hire handicapped people so we should be well covered in terms of
impairments. The access is likely going to be timelimited though, these
people suffer and I'd like to not put them through to much so we
definitely need to setup some kind of test protocol - this however is
not really an artwork issue, we can test most poor sight via
simulation.

[1] http://www.vischeck.com/vischeck/
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Old 11-21-2007, 10:37 PM
Martin Sourada
 
Default Usability - SIG, Spin, Echo icons [was Icon theme for ubuntu]

On Wed, 2007-11-21 at 23:40 +0100, David Nielsen wrote:
> [1] http://www.vischeck.com/vischeck/

Thanks for the link,

to have some material to talk about, I've taken some of the newer Echo
icons (all the 'category' icons [1] are done that way, and more or less
finished) and run through the filters. I don't see any big issues with
them, what do you think? I attach the original, plus the processed
images, that are sadly saved in jpeg which does not give the best
results...

Martin

References:
[1]
https://hosted.fedoraproject.org/projects/echo-icon-theme/wiki/IconThemeStatus/Categories


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Old 11-21-2007, 11:42 PM
David Nielsen
 
Default Usability - SIG, Spin, Echo icons [was Icon theme for ubuntu]

tor, 22 11 2007 kl. 00:37 +0100, skrev Martin Sourada:
> On Wed, 2007-11-21 at 23:40 +0100, David Nielsen wrote:
> > [1] http://www.vischeck.com/vischeck/
>
> Thanks for the link,
>
> to have some material to talk about, I've taken some of the newer Echo
> icons (all the 'category' icons [1] are done that way, and more or less
> finished) and run through the filters. I don't see any big issues with
> them, what do you think? I attach the original, plus the processed
> images, that are sadly saved in jpeg which does not give the best
> results...

Generally, iso prespective make the icons look smaller, please remember
that at this size both detail level and shape affects how easily you can
utilize the brains wonderful pattern recognition abilities. I would
strip the detail level down as much as possible and go for head on
prespective. I would wager that the icons we display most often would be
menu ones so they really deserve that extra attention and love. Another
consideration with regards to prespective is that orientation matters in
preception of size, twisted left seems smaller than twisted right
because you appear to show off less surface area. The human brain is a
strange beast.

Add/Remove Software is very good, easy to spot, good shape use, colors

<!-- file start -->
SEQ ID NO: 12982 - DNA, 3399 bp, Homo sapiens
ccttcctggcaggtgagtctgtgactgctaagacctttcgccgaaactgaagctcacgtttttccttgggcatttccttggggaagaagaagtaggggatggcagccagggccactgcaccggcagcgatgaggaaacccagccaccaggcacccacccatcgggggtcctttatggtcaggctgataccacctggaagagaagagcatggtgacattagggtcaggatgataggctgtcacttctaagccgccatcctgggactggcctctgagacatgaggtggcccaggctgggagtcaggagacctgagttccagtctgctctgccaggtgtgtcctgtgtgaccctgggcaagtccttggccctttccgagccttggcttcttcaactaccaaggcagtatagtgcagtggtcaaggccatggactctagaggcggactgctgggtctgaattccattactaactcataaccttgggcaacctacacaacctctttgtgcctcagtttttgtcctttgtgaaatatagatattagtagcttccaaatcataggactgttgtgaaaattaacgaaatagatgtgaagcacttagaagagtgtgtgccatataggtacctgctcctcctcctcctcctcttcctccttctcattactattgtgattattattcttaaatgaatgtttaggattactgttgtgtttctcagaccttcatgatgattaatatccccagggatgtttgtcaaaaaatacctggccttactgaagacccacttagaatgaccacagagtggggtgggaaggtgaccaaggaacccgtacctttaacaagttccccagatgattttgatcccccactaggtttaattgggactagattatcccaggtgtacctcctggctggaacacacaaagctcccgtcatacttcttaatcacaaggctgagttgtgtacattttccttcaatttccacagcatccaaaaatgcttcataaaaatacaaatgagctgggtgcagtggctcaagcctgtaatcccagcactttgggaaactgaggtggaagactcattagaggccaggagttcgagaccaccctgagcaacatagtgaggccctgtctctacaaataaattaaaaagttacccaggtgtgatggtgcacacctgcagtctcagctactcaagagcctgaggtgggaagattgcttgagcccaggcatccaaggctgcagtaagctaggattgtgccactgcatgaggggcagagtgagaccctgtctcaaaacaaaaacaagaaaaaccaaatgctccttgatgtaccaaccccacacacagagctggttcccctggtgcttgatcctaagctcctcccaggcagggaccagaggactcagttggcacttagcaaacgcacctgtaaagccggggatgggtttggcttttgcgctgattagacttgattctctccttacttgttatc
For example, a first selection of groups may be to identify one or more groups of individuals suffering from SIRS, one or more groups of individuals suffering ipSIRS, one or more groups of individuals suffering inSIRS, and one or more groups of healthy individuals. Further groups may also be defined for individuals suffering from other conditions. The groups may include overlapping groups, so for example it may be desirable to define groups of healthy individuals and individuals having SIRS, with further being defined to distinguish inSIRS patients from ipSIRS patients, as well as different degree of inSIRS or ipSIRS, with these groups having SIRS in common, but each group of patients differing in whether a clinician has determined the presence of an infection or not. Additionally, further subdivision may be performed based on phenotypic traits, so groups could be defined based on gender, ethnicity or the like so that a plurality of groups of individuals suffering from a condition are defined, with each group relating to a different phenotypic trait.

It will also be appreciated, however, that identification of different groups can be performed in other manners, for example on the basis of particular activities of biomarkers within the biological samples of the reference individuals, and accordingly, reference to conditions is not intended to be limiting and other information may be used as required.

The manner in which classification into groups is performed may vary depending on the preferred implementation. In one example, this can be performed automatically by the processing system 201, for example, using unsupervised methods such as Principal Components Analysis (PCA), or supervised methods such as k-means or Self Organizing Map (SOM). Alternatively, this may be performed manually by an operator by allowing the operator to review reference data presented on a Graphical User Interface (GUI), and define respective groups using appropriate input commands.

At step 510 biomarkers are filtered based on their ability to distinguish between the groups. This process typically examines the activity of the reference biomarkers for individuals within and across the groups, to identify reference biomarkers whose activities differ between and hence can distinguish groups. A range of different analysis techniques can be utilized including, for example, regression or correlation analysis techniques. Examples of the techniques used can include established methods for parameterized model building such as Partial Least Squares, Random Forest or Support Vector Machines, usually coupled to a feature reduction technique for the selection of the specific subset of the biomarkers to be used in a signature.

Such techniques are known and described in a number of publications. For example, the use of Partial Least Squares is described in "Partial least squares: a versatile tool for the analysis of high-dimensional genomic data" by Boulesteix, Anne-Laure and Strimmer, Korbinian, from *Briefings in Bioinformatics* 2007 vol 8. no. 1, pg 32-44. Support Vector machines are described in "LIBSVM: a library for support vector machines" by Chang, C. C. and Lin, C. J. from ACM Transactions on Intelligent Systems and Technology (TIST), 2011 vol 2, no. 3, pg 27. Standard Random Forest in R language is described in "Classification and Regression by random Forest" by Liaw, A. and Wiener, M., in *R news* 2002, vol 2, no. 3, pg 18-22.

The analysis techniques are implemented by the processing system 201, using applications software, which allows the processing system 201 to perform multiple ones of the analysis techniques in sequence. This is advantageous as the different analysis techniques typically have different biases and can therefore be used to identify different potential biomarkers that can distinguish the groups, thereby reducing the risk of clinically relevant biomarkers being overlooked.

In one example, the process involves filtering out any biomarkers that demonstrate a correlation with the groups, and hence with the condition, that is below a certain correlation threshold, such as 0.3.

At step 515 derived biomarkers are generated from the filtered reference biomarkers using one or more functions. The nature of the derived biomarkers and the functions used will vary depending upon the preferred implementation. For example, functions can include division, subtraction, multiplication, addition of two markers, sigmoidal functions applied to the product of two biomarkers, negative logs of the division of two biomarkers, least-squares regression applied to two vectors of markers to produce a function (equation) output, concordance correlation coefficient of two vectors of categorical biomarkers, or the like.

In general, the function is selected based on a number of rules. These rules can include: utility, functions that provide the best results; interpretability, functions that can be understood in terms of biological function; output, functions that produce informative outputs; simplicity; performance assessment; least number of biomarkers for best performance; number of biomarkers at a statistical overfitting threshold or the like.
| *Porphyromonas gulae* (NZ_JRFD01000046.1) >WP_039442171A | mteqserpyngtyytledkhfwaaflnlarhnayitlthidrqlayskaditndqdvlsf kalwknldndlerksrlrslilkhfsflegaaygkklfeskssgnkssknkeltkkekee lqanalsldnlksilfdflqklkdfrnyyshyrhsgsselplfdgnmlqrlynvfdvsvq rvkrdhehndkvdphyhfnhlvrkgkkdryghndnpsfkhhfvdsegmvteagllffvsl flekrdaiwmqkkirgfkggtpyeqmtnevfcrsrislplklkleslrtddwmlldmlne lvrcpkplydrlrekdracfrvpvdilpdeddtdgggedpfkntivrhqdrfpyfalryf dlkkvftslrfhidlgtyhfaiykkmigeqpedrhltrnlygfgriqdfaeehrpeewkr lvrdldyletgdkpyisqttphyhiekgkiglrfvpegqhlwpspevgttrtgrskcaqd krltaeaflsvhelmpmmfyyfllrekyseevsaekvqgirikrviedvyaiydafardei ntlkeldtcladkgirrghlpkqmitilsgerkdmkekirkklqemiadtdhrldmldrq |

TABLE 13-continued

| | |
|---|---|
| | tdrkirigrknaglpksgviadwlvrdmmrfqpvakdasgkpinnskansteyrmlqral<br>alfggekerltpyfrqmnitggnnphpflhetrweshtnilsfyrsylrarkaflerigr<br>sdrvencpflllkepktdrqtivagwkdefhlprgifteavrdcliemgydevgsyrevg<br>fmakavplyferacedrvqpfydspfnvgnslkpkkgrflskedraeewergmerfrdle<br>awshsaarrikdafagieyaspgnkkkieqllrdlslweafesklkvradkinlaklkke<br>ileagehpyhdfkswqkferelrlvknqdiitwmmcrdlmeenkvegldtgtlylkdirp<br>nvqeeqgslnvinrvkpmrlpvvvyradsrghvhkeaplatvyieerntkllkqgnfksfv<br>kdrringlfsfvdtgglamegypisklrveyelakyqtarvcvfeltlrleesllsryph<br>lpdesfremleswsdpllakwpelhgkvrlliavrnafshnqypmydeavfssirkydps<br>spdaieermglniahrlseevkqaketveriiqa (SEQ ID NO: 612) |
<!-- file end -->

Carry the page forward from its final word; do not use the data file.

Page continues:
work well across the colorblindness spectrum and it's head on
prespective. A really good icon.

The graphics icon is very hard to make out. I cannot I have to admit
figure out what the office icon is suppose to look like, it does however
seem to get better when the colorblindness filters are applied.

Also notice how well the shape works for recognition for the games icon,
low level of detail - despite even appearing small due to the iso
prespective usage. It's also the only one to have a defined outline
which really helps make the icon appear crisp and easy to recognize.
This makes it work really well in every filter applied and I can make it
out without my glasses on even from around 1m away.

Where sexy and usable clashes is really the prespective, don't do iso
unless at desktop icon size or above, you can candy it up with detail as
size increases. Jimmac has a great article on his blog regarding the
problems surrounding sizes and scaling icons[1].

[1] http://jimmac.musichall.cz/log/?p=177
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Old 11-22-2007, 07:36 AM
Martin Sourada
 
Default Usability - SIG, Spin, Echo icons [was Icon theme for ubuntu]

On Thu, 2007-11-22 at 01:42 +0100, David Nielsen wrote:
> Generally, iso prespective make the icons look smaller, please remember
> that at this size both detail level and shape affects how easily you can
> utilize the brains wonderful pattern recognition abilities. I would
> strip the detail level down as much as possible and go for head on
> prespective. I would wager that the icons we display most often would be
> menu ones so they really deserve that extra attention and love. Another
> consideration with regards to prespective is that orientation matters in
> preception of size, twisted left seems smaller than twisted right
> because you appear to show off less surface area. The human brain is a
> strange beast.
>
Well, they does not only look smaller, but they also are smaller - you
have a wider view when looking at iso perspective than when you reduce
to plain 2D head on perspective. When creating new icons we are trying
to simplify the 22x22 sizes enough so they should be easily perceptible
if though they are in the isometric perspective.